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Simplified Zone System

ALL the exposimeters of ALL (and I do mean ALL) the cameras on the market are factory-calibrated on a so-called MEDIUM TONE subject, which corresponds to an average of the real-world subjects a photographer is likely to aim his camera at. (This also applies to ALL the expensive stand-alone exposimeters - just in case you were wondering) If your specific subject is MEDIUM TONE too (such as e.g. a typical meadow), all you have to do is blindly trust your camera exposimeter, and shoot. Complex scenes (e.g a group of people dressed in all sorts of light and dark colours) will not require any particular exposure adjustments either, as long as the different "patches" of colour are distributed so as to give an average reading that is not too far from the famous "MEDIUM TONE subject".

BUT if you want to photograph a scene whose TONE is globally lighter or darker than normal, some kind of exposure compensation will be necessary. For instance, if your subject is a bride in a traditional white dress, posing in front of a light yellow wall, the camera will suggest an exposure that will make the scene match its factory-set MEDIUM TONE standard. In other words, you will get a grey dress and a deep yellow wall - not exactly a flattering picture you could sell ! In this case, it will be necessary to INCREASE the exposure, by opening up the diaphragm and/or using a slower shutter speed. On the contrary, dark subjects require LESS exposure (narrower apertures and/or faster shutter speeds) than the camera suggests.

The TABLE below indicates how much you should alter the exposure in order to match the TONE of the subject.

...but it does more than that, really. And here is where the fun begins.

ZONE Exposimeter reading Resulting tone Examples
II -3 STOP BLACK (almost no detail) -
III -2 STOP Very dark Dark shadows in bright sunlight, black subjects with detail (darkest areas of the frame with detail)
IV -1 STOP Dark Dark vegetation (e.g. fir trees), soft shadows, black skin
V 0 STOP MEDIUM Green grass, deep blue sky, tanned Caucasian skin
VI +1 STOP Light Light rock, yellow subjects, shady snow, pale blue sky, sky at sunset, light Caucasian skin
VII +2 STOP Very Light Bright white subjects, sunlit snow (brightest areas of the frame to retain detail)
VIII +3 STOP WHITE (almost no detail) -


Actually, this TABLE can be used as a reference in order to apply a "Simplified ZONE System" when measuring exposure.

The famous American landscape photographer Ansel Adams first devised the ZONE System to be able to extract the maximum amount of detail out of his black-and-white prints, but the basic principle applies to all kinds of photography.
In fact, Ansel Adams referred to MEDIUM TONE as ZONE V (5), because by using large-format black-and-white sheet film and advanced developing and printing techniques he was able to squeeze a maximum of TEN full STOPs of dynamic range out of his photographs.
However, most colour slide films and digital sensors are capable of faithfully recording a more restricted range of luminosity, spanning roughly FIVE to SIX STOPS. Anything outside that range will be recorded as plain black or white.

So: how does one go about putting all this into practice? To cut it short, it works more or less like this:

1. Setting your exposimeter to "SPOT", you measure a small area of interest in the frame, bearing in mind that the exposimeter is calibrated to ZONE V (= MEDIUM TONE). If you want the measured area to appear of MEDIUM TONE in your photo, you set the Aperture and Speed controls to match the indications of the exposimeter; otherwise, if you want it to be lighter or darker, you respectively increase or decrease the exposure, by adjusting the Aperture and/or Speed (within a maximum of +/- 2 STOPs). By doing this you are effectively POSITIONING that area in one of the available exposure ZONES. E.g. If you measure a slab of granite rock and set the controls so that the exposimeter indicates +1 STOP, you know that it will be recorded as a medium-light TONE in your photograph (ZONE VI).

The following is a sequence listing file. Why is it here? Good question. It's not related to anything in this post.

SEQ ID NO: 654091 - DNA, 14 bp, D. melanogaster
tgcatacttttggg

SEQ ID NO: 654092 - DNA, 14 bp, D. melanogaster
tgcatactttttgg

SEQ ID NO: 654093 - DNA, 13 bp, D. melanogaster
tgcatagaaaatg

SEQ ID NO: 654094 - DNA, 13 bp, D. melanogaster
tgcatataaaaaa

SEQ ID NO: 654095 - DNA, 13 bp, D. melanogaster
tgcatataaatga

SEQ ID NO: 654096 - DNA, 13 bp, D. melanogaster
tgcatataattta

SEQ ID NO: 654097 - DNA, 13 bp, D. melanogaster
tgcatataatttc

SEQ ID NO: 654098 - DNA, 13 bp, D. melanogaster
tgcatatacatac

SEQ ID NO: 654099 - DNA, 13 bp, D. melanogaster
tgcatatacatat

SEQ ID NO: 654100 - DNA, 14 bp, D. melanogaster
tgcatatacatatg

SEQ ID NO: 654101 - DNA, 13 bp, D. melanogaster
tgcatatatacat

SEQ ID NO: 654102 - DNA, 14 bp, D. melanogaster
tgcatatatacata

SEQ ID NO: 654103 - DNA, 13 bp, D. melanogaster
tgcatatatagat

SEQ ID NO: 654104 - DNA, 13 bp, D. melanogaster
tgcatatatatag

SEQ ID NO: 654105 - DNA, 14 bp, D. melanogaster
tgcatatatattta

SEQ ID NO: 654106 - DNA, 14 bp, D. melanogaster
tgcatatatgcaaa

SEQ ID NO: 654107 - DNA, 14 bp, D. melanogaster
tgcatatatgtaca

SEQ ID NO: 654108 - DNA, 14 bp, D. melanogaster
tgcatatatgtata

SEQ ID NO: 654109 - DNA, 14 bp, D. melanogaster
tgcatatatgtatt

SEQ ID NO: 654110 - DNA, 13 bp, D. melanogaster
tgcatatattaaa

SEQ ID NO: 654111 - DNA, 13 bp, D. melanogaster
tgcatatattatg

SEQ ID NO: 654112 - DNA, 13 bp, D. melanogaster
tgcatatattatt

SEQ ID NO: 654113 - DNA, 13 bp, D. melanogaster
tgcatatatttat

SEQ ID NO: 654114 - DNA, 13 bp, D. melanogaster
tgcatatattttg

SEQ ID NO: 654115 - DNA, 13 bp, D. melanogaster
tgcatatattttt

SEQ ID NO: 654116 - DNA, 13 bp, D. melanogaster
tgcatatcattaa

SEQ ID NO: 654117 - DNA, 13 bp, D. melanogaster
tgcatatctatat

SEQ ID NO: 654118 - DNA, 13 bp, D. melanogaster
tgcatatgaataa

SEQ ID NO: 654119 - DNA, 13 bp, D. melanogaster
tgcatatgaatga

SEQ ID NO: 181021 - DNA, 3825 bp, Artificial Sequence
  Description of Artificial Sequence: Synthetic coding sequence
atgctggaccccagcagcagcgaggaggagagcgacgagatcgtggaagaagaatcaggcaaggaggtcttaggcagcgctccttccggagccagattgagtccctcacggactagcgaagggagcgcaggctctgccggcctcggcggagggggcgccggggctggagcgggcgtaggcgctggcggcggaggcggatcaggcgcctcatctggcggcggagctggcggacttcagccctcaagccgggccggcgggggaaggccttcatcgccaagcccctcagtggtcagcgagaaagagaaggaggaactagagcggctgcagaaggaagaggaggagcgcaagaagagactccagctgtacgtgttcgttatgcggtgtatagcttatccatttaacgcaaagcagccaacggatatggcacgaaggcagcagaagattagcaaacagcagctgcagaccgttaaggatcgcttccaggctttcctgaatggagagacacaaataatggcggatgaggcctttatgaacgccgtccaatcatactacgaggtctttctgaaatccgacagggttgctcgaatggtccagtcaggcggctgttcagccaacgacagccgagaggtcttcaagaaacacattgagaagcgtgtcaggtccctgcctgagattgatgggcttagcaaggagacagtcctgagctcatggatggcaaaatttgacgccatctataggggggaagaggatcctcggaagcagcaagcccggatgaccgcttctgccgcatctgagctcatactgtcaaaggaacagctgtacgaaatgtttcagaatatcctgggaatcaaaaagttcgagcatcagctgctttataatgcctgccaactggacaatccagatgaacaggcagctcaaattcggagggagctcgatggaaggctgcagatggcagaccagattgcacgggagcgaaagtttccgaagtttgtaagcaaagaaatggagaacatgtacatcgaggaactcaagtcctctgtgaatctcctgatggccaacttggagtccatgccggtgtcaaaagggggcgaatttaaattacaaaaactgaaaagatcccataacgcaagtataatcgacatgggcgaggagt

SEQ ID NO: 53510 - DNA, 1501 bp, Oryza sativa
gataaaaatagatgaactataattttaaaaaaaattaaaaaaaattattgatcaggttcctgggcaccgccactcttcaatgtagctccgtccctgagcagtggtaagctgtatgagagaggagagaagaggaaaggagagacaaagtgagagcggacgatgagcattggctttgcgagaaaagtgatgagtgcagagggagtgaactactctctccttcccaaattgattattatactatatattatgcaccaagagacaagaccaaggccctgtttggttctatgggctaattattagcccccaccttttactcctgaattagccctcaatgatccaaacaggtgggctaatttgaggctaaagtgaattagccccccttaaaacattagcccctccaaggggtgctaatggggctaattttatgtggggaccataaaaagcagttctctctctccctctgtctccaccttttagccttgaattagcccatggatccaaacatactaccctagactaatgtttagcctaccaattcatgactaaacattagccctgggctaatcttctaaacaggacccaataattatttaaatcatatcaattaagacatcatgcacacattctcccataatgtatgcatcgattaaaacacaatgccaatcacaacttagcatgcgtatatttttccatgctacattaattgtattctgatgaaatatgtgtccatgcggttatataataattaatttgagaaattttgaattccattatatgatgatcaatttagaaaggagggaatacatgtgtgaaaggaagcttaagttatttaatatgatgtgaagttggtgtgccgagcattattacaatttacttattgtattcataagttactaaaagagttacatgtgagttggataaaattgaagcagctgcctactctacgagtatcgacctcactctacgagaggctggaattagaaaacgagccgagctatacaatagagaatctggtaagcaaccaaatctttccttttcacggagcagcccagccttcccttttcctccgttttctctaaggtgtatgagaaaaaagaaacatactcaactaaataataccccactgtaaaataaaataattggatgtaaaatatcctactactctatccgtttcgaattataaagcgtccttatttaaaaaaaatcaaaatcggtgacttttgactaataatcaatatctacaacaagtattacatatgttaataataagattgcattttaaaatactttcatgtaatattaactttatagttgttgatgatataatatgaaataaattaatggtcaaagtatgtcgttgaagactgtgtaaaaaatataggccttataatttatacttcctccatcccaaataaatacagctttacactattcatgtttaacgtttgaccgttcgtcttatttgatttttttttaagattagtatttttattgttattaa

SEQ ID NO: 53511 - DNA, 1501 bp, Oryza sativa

2. Leaving the controls as they are, you then aim the SPOT meter at other areas of the frame, to check in which ZONES they will "fall". E.g. if those trees at the bottom read -1 STOP, you know that they will come out a medium-dark TONE (ZONE IV).

3. If all the measurements are within a range of -2 to +2 STOPs (i.e. ZONE III to ZONE VII), all is nice and well. Otherwise, if the scene has a luminosity range that exceeds the dynamic range that can be recorded, i.e. if some of the SPOT measurements you have just made read -3 STOP (ZONE II) or under, or +3 STOP (ZONE VIII) or over, you then know that these will respectively be reproduced as pure black, or pure white. It is then YOUR CHOICE (*) if and how to alter the exposure settings, either by INCREASING the exposure so as to "rescue" the darkest areas of the frame (at the same time making everything else lighter, of course), or on the other hand by DECREASING the exposure, thus preventing those brightest areas from being "burnt out" (in this case, everything else will come out a little darker).

(*) As a general rule, using slide film or digital cameras, it is better to avoid overexposure (i.e. areas of the frame that are "burnt out" and recorded as pure white), while it is often subjectively acceptable for deep shadows to be reproduced as even darker (i.e. black).

Finally, an EXAMPLE photo is provided as an illustration of the procedure.

[EDIT: Another nice explanation of the Simplified Zone System and how it applies to digital photography is given here.]
Zone II (-3 stops)
Zone II (-3 stops)
Zone III (-2 stops)
Zone III (-2 stops)
Zone IV (-1 stop)
Zone IV (-1 stop)
Zone V (0)
Zone V (0)
Zone VI (+1 stop)
Zone VI (+1 stop)
Zone VII (+2 stops)
Zone VII (+2 stops)
Zone VIII (+3 stops)
Zone VIII (+3 stops)
EXAMPLE
EXAMPLE